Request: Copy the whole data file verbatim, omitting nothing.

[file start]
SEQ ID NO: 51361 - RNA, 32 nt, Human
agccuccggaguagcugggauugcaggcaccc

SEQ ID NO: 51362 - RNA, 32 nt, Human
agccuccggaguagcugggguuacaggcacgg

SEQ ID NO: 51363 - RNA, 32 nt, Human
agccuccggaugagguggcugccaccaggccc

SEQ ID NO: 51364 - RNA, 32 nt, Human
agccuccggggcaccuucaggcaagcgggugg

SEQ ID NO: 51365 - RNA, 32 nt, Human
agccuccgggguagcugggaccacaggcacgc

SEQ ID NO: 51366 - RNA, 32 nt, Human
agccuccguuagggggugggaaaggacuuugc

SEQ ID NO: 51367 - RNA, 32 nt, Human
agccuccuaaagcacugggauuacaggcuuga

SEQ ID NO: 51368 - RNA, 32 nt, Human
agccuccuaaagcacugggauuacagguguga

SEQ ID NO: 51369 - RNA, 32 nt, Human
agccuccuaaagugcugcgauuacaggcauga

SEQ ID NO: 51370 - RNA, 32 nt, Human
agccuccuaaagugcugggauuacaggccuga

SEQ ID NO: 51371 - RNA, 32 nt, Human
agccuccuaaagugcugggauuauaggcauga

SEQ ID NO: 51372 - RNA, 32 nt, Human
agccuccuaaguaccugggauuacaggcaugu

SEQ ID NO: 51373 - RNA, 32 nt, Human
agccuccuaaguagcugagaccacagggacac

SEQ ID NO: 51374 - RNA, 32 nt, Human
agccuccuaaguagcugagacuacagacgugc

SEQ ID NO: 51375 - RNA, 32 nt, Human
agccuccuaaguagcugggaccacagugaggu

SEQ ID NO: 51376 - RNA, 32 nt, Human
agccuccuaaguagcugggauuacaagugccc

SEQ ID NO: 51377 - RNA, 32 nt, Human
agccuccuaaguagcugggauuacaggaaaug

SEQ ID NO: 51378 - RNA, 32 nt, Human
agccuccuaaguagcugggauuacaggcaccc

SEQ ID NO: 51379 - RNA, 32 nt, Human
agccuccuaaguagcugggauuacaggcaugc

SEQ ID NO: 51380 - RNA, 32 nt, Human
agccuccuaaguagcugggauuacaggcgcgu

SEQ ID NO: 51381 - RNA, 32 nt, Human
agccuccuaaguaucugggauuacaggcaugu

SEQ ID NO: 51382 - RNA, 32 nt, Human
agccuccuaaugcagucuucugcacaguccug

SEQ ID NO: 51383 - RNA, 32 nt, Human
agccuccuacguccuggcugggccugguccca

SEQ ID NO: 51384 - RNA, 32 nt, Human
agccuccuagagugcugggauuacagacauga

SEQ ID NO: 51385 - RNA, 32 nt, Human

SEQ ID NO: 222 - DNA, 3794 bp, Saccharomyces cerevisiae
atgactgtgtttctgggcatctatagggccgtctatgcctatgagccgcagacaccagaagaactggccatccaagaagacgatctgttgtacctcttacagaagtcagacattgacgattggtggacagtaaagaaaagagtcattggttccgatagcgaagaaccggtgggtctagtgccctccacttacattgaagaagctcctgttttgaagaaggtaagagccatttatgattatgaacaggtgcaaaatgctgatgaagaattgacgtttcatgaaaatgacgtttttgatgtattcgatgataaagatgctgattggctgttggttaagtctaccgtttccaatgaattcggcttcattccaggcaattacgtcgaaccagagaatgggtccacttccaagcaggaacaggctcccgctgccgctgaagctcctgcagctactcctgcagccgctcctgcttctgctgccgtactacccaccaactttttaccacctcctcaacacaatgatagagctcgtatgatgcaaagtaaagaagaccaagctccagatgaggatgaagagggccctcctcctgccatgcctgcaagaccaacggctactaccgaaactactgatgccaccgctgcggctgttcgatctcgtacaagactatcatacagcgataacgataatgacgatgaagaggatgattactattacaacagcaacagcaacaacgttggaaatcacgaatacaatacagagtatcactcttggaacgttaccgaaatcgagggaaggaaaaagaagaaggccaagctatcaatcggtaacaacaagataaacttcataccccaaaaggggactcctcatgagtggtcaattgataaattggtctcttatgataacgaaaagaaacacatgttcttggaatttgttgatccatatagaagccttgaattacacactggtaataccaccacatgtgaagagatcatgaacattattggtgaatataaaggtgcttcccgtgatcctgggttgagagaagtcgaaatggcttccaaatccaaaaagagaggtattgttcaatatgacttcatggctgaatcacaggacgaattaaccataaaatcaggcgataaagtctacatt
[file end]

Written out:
SEQ ID NO: 51361 - RNA, 32 nt, Human
agccuccggaguagcugggauugcaggcaccc

SEQ ID NO: 51362 - RNA, 32 nt, Human
agccuccggaguagcugggguuacaggcacgg

SEQ ID NO: 51363 - RNA, 32 nt, Human
agccuccggaugagguggcugccaccaggccc

SEQ ID NO: 51364 - RNA, 32 nt, Human
agccuccggggcaccuucaggcaagcgggugg

SEQ ID NO: 51365 - RNA, 32 nt, Human
agccuccgggguagcugggaccacaggcacgc

SEQ ID NO: 51366 - RNA, 32 nt, Human
agccuccguuagggggugggaaaggacuuugc

SEQ ID NO: 51367 - RNA, 32 nt, Human
agccuccuaaagcacugggauuacaggcuuga

SEQ ID NO: 51368 - RNA, 32 nt, Human
agccuccuaaagcacugggauuacagguguga

SEQ ID NO: 51369 - RNA, 32 nt, Human
agccuccuaaagugcugcgauuacaggcauga

SEQ ID NO: 51370 - RNA, 32 nt, Human
agccuccuaaagugcugggauuacaggccuga

SEQ ID NO: 51371 - RNA, 32 nt, Human
agccuccuaaagugcugggauuauaggcauga

SEQ ID NO: 51372 - RNA, 32 nt, Human
agccuccuaaguaccugggauuacaggcaugu

SEQ ID NO: 51373 - RNA, 32 nt, Human
agccuccuaaguagcugagaccacagggacac

SEQ ID NO: 51374 - RNA, 32 nt, Human
agccuccuaaguagcugagacuacagacgugc

SEQ ID NO: 51375 - RNA, 32 nt, Human
agccuccuaaguagcugggaccacagugaggu

SEQ ID NO: 51376 - RNA, 32 nt, Human
agccuccuaaguagcugggauuacaagugccc

SEQ ID NO: 51377 - RNA, 32 nt, Human
agccuccuaaguagcugggauuacaggaaaug

SEQ ID NO: 51378 - RNA, 32 nt, Human
agccuccuaaguagcugggauuacaggcaccc

SEQ ID NO: 51379 - RNA, 32 nt, Human
agccuccuaaguagcugggauuacaggcaugc

SEQ ID NO: 51380 - RNA, 32 nt, Human
agccuccuaaguagcugggauuacaggcgcgu

SEQ ID NO: 51381 - RNA, 32 nt, Human
agccuccuaaguaucugggauuacaggcaugu

SEQ ID NO: 51382 - RNA, 32 nt, Human
agccuccuaaugcagucuucugcacaguccug

SEQ ID NO: 51383 - RNA, 32 nt, Human
agccuccuacguccuggcugggccugguccca

SEQ ID NO: 51384 - RNA, 32 nt, Human
agccuccuagagugcugggauuacagacauga

SEQ ID NO: 51385 - RNA, 32 nt, Human

SEQ ID NO: 222 - DNA, 3794 bp, Saccharomyces cerevisiae
atgactgtgtttctgggcatctatagggccgtctatgcctatgagccgcagacaccagaagaactggccatccaagaagacgatctgttgtacctcttacagaagtcagacattgacgattggtggacagtaaagaaaagagtcattggttccgatagcgaagaaccggtgggtctagtgccctccacttacattgaagaagctcctgttttgaagaaggtaagagccatttatgattatgaacaggtgcaaaatgctgatgaagaattgacgtttcatgaaaatgacgtttttgatgtattcgatgataaagatgctgattggctgttggttaagtctaccgtttccaatgaattcggcttcattccaggcaattacgtcgaaccagagaatgggtccacttccaagcaggaacaggctcccgctgccgctgaagctcctgcagctactcctgcagccgctcctgcttctgctgccgtactacccaccaactttttaccacctcctcaacacaatgatagagctcgtatgatgcaaagtaaagaagaccaagctccagatgaggatgaagagggccctcctcctgccatgcctgcaagaccaacggctactaccgaaactactgatgccaccgctgcggctgttcgatctcgtacaagactatcatacagcgataacgataatgacgatgaagaggatgattactattacaacagcaacagcaacaacgttggaaatcacgaatacaatacagagtatcactcttggaacgttaccgaaatcgagggaaggaaaaagaagaaggccaagctatcaatcggtaacaacaagataaacttcataccccaaaaggggactcctcatgagtggtcaattgataaattggtctcttatgataacgaaaagaaacacatgttcttggaatttgttgatccatatagaagccttgaattacacactggtaataccaccacatgtgaagagatcatgaacattattggtgaatataaaggtgcttcccgtgatcctgggttgagagaagtcgaaatggcttccaaatccaaaaagagaggtattgttcaatatgacttcatggctgaatcacaggacgaattaaccataaaatcaggcgataaagtctacatt